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How to Train Your Dragon

Family . Animation . Adventure . Fantasy

As the son of a Viking leader on the cusp of manhood, shy Hiccup Horrendous Haddock III faces a rite of passage: he must kill a dragon to prove his warrior mettle. But after downing a feared dragon, he realizes that he no longer wants to destroy it, and instead befriends the beast – which he names Toothless – much to the chagrin of his warrior father

Actors: Philip McGrade , Robin Atkin Downes , Kristen Wiig , T.J. Miller , Christopher Mintz-Plasse , Jonah Hill , America Ferrera , Craig Ferguson , Gerard Butler , Jay Baruchel
Directors: Dean DeBlois , Chris Sanders
Country: USA
Release: 2010-03-26
More Info:
  • Owen Gleiberman

    Rouses you in conventional ways, but it's also the rare animated film that uses 3-D for its breathtaking spatial and emotional possibilities.

    Entertainment Weekly Full Review
  • Steve Persall

    There's much more to the adventure, a deft balance of fantasy and teen angst that never loses its contemporary sense of humor.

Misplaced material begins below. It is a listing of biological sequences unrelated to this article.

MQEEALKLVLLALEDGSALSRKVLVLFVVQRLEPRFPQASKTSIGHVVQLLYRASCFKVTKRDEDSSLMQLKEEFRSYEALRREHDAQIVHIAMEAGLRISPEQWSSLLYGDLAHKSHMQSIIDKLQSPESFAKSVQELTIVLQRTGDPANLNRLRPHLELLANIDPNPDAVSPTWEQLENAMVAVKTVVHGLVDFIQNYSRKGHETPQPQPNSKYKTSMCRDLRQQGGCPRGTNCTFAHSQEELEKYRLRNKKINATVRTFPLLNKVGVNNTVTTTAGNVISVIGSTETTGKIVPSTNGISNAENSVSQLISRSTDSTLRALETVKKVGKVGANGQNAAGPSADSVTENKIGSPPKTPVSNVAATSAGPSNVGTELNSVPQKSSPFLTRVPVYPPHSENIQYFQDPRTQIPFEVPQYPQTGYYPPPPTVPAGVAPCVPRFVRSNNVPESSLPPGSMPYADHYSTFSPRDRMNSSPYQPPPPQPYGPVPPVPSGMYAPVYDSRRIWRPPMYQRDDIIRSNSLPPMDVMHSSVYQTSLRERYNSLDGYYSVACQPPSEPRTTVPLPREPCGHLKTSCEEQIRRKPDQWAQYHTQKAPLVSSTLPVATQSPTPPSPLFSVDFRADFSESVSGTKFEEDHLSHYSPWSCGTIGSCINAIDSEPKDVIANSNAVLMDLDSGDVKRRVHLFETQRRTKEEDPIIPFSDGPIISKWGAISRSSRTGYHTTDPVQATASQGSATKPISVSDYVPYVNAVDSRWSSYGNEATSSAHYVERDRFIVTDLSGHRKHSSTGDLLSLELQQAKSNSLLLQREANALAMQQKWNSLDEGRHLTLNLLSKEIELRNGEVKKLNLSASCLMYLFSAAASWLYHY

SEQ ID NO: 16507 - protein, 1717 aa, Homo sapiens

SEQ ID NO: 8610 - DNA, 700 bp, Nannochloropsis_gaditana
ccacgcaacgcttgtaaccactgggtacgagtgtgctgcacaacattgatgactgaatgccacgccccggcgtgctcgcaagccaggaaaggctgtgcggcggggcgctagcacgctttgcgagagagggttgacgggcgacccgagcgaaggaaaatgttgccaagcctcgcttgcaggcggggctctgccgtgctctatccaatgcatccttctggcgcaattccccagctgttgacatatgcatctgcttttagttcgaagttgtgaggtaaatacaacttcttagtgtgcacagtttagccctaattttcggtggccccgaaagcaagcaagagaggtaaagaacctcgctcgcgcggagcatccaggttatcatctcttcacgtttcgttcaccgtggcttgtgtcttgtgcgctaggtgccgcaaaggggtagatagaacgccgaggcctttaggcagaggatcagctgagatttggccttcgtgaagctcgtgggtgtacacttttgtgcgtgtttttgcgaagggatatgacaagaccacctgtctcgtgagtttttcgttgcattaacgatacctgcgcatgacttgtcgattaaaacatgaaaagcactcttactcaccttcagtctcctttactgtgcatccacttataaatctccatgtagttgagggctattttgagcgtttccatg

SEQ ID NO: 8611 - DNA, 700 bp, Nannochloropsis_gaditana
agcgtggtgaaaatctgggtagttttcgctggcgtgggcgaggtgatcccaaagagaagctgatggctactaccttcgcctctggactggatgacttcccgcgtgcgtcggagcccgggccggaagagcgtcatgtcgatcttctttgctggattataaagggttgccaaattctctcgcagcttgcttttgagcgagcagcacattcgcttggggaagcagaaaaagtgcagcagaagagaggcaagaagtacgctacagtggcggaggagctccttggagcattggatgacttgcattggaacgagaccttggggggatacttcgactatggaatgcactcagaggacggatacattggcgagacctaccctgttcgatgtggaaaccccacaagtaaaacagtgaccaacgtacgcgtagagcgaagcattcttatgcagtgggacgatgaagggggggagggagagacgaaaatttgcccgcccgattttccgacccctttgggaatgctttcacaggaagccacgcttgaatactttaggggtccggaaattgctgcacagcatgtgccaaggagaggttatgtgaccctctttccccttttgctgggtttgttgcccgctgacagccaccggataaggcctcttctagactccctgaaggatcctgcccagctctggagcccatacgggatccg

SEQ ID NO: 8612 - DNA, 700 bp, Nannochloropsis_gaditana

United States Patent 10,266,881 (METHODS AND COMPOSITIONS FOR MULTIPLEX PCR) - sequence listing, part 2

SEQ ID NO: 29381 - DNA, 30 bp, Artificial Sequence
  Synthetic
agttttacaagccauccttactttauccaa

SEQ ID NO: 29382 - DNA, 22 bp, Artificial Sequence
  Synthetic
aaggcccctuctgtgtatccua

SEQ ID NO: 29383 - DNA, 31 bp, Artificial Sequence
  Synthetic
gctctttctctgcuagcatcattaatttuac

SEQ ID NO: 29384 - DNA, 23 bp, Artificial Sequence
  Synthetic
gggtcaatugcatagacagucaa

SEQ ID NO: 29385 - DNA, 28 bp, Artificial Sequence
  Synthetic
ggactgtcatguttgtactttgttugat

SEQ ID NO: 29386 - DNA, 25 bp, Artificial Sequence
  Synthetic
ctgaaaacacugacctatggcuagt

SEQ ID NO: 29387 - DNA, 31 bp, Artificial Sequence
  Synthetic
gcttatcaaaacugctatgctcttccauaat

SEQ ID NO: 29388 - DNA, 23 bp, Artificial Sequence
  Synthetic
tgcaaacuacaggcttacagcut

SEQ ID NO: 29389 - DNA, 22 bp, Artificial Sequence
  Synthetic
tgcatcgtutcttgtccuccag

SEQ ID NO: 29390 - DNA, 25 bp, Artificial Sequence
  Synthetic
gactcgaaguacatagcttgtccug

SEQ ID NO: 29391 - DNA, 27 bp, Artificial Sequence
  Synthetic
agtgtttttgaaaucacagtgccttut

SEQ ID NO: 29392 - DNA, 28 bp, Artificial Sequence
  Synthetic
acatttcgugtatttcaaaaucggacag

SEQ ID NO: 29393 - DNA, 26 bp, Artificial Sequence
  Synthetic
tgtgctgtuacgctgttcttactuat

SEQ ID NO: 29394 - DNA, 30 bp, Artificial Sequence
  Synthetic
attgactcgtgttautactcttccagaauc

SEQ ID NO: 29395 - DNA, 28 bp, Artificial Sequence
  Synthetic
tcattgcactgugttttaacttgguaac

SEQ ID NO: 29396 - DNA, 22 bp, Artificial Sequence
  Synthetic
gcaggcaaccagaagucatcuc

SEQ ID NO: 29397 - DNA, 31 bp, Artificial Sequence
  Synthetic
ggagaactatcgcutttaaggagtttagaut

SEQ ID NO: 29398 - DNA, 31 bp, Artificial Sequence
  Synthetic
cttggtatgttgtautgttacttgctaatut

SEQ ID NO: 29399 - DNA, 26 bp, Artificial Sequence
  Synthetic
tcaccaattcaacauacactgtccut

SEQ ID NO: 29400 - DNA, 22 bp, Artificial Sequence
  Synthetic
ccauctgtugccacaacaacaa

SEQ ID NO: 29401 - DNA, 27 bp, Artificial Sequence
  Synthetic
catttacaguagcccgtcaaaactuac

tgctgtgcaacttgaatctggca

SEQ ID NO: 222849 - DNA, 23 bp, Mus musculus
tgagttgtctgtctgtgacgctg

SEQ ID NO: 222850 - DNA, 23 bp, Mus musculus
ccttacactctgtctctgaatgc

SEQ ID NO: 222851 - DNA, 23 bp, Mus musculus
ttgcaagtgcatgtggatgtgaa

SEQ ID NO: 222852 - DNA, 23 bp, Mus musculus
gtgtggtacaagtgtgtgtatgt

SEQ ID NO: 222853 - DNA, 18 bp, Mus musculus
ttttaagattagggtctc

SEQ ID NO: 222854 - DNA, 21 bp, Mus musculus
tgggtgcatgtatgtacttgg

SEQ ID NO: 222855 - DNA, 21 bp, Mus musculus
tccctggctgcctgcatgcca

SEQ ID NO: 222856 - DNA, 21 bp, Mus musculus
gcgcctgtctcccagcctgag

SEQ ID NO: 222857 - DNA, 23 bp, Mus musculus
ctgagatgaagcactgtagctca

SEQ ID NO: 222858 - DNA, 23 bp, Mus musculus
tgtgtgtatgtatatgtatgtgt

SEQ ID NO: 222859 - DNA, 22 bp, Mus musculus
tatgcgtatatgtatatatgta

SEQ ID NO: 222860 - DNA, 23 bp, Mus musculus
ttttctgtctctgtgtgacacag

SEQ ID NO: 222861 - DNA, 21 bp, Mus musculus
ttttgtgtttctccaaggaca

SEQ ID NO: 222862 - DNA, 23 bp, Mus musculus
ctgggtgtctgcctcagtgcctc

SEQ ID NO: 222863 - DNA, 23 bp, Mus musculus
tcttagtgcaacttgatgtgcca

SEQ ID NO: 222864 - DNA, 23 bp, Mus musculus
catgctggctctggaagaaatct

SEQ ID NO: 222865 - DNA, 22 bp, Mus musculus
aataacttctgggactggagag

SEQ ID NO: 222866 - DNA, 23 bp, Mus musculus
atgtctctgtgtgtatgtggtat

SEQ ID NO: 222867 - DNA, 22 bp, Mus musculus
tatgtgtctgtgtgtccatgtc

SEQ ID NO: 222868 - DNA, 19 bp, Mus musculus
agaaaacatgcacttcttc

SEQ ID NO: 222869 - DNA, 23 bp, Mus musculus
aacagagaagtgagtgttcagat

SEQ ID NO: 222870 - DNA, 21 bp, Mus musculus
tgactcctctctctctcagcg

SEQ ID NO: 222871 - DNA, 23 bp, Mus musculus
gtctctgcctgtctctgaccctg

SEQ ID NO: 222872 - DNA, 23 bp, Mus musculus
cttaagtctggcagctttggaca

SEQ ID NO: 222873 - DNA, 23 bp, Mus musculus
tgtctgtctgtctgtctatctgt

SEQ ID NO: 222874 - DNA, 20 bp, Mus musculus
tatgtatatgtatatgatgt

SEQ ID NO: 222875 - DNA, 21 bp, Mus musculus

Tampa Bay Times Full Review
  • Pete Hammond

    An exciting, fun and sensationally entertaining movie for everyone.

    Boxoffice Magazine Full Review
  • Michael Phillips

    Seeing "Dragon" in 3-D really is a must. Its formidable realm of Vikings and dragons and nerds (oh my!) should be enjoyed to the fullest extent theaters allow.

    Chicago Tribune Full Review
  • Claudia Puig

    Who would have thought a fire-breathing monster could be one of the most adorable on-screen critters since Babe?

    USA Today Full Review
  • James Berardinelli

    Can be best categorized as a fantasy adventure. Unlike many animated movies, it's not a musical, nor is it overstuffed with age-appropriate comedy,